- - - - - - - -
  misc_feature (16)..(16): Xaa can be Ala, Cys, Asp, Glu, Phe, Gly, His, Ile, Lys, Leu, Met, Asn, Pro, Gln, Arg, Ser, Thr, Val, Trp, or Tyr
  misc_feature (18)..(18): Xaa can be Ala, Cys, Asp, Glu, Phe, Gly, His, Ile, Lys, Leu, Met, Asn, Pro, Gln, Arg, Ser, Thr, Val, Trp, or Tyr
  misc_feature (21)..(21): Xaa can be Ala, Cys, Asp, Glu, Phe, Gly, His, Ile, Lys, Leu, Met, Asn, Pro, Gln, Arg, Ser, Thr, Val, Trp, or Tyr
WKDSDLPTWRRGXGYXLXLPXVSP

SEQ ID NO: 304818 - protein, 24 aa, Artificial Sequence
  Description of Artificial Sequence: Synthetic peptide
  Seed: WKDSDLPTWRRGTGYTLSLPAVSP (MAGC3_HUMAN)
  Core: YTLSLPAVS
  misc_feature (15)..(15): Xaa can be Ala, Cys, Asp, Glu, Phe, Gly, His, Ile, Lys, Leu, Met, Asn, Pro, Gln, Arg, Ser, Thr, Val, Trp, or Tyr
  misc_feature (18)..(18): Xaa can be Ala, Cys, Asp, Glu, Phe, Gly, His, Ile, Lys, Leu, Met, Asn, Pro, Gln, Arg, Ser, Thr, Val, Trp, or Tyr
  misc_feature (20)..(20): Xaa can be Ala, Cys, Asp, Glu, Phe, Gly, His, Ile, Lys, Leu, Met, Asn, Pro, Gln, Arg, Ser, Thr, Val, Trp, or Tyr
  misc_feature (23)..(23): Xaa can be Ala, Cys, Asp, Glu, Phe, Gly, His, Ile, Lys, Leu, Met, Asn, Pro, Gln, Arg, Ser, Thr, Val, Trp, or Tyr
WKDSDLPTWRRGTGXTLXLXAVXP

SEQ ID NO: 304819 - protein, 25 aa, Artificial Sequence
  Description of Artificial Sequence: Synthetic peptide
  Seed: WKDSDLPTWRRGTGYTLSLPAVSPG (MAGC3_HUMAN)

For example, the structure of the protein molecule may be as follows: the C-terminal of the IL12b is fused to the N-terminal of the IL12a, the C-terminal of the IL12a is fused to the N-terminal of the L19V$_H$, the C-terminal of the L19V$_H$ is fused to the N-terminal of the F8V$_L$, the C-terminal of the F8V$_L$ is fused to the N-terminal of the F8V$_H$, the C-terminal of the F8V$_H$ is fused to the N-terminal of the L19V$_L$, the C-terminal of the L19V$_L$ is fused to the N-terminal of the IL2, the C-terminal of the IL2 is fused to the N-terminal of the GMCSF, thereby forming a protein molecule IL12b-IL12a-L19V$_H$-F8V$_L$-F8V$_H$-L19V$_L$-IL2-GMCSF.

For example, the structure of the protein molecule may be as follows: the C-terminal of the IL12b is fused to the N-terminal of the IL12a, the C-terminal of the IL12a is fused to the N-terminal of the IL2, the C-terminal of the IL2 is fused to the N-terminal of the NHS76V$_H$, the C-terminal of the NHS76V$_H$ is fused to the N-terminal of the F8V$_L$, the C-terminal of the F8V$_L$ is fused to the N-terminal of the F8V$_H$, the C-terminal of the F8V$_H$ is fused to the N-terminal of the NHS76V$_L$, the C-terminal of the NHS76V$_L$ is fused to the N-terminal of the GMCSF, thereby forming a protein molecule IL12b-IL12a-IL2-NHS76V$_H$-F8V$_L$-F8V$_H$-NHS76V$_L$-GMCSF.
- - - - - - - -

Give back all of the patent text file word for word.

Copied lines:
  misc_feature (16)..(16): Xaa can be Ala, Cys, Asp, Glu, Phe, Gly, His, Ile, Lys, Leu, Met, Asn, Pro, Gln, Arg, Ser, Thr, Val, Trp, or Tyr
  misc_feature (18)..(18): Xaa can be Ala, Cys, Asp, Glu, Phe, Gly, His, Ile, Lys, Leu, Met, Asn, Pro, Gln, Arg, Ser, Thr, Val, Trp, or Tyr
  misc_feature (21)..(21): Xaa can be Ala, Cys, Asp, Glu, Phe, Gly, His, Ile, Lys, Leu, Met, Asn, Pro, Gln, Arg, Ser, Thr, Val, Trp, or Tyr
WKDSDLPTWRRGXGYXLXLPXVSP

SEQ ID NO: 304818 - protein, 24 aa, Artificial Sequence
  Description of Artificial Sequence: Synthetic peptide
  Seed: WKDSDLPTWRRGTGYTLSLPAVSP (MAGC3_HUMAN)
  Core: YTLSLPAVS
  misc_feature (15)..(15): Xaa can be Ala, Cys, Asp, Glu, Phe, Gly, His, Ile, Lys, Leu, Met, Asn, Pro, Gln, Arg, Ser, Thr, Val, Trp, or Tyr
  misc_feature (18)..(18): Xaa can be Ala, Cys, Asp, Glu, Phe, Gly, His, Ile, Lys, Leu, Met, Asn, Pro, Gln, Arg, Ser, Thr, Val, Trp, or Tyr
  misc_feature (20)..(20): Xaa can be Ala, Cys, Asp, Glu, Phe, Gly, His, Ile, Lys, Leu, Met, Asn, Pro, Gln, Arg, Ser, Thr, Val, Trp, or Tyr
  misc_feature (23)..(23): Xaa can be Ala, Cys, Asp, Glu, Phe, Gly, His, Ile, Lys, Leu, Met, Asn, Pro, Gln, Arg, Ser, Thr, Val, Trp, or Tyr
WKDSDLPTWRRGTGXTLXLXAVXP

SEQ ID NO: 304819 - protein, 25 aa, Artificial Sequence
  Description of Artificial Sequence: Synthetic peptide
  Seed: WKDSDLPTWRRGTGYTLSLPAVSPG (MAGC3_HUMAN)

For example, the structure of the protein molecule may be as follows: the C-terminal of the IL12b is fused to the N-terminal of the IL12a, the C-terminal of the IL12a is fused to the N-terminal of the L19V$_H$, the C-terminal of the L19V$_H$ is fused to the N-terminal of the F8V$_L$, the C-terminal of the F8V$_L$ is fused to the N-terminal of the F8V$_H$, the C-terminal of the F8V$_H$ is fused to the N-terminal of the L19V$_L$, the C-terminal of the L19V$_L$ is fused to the N-terminal of the IL2, the C-terminal of the IL2 is fused to the N-terminal of the GMCSF, thereby forming a protein molecule IL12b-IL12a-L19V$_H$-F8V$_L$-F8V$_H$-L19V$_L$-IL2-GMCSF.

For example, the structure of the protein molecule may be as follows: the C-terminal of the IL12b is fused to the N-terminal of the IL12a, the C-terminal of the IL12a is fused to the N-terminal of the IL2, the C-terminal of the IL2 is fused to the N-terminal of the NHS76V$_H$, the C-terminal of the NHS76V$_H$ is fused to the N-terminal of the F8V$_L$, the C-terminal of the F8V$_L$ is fused to the N-terminal of the F8V$_H$, the C-terminal of the F8V$_H$ is fused to the N-terminal of the NHS76V$_L$, the C-terminal of the NHS76V$_L$ is fused to the N-terminal of the GMCSF, thereby forming a protein molecule IL12b-IL12a-IL2-NHS76V$_H$-F8V$_L$-F8V$_H$-NHS76V$_L$-GMCSF.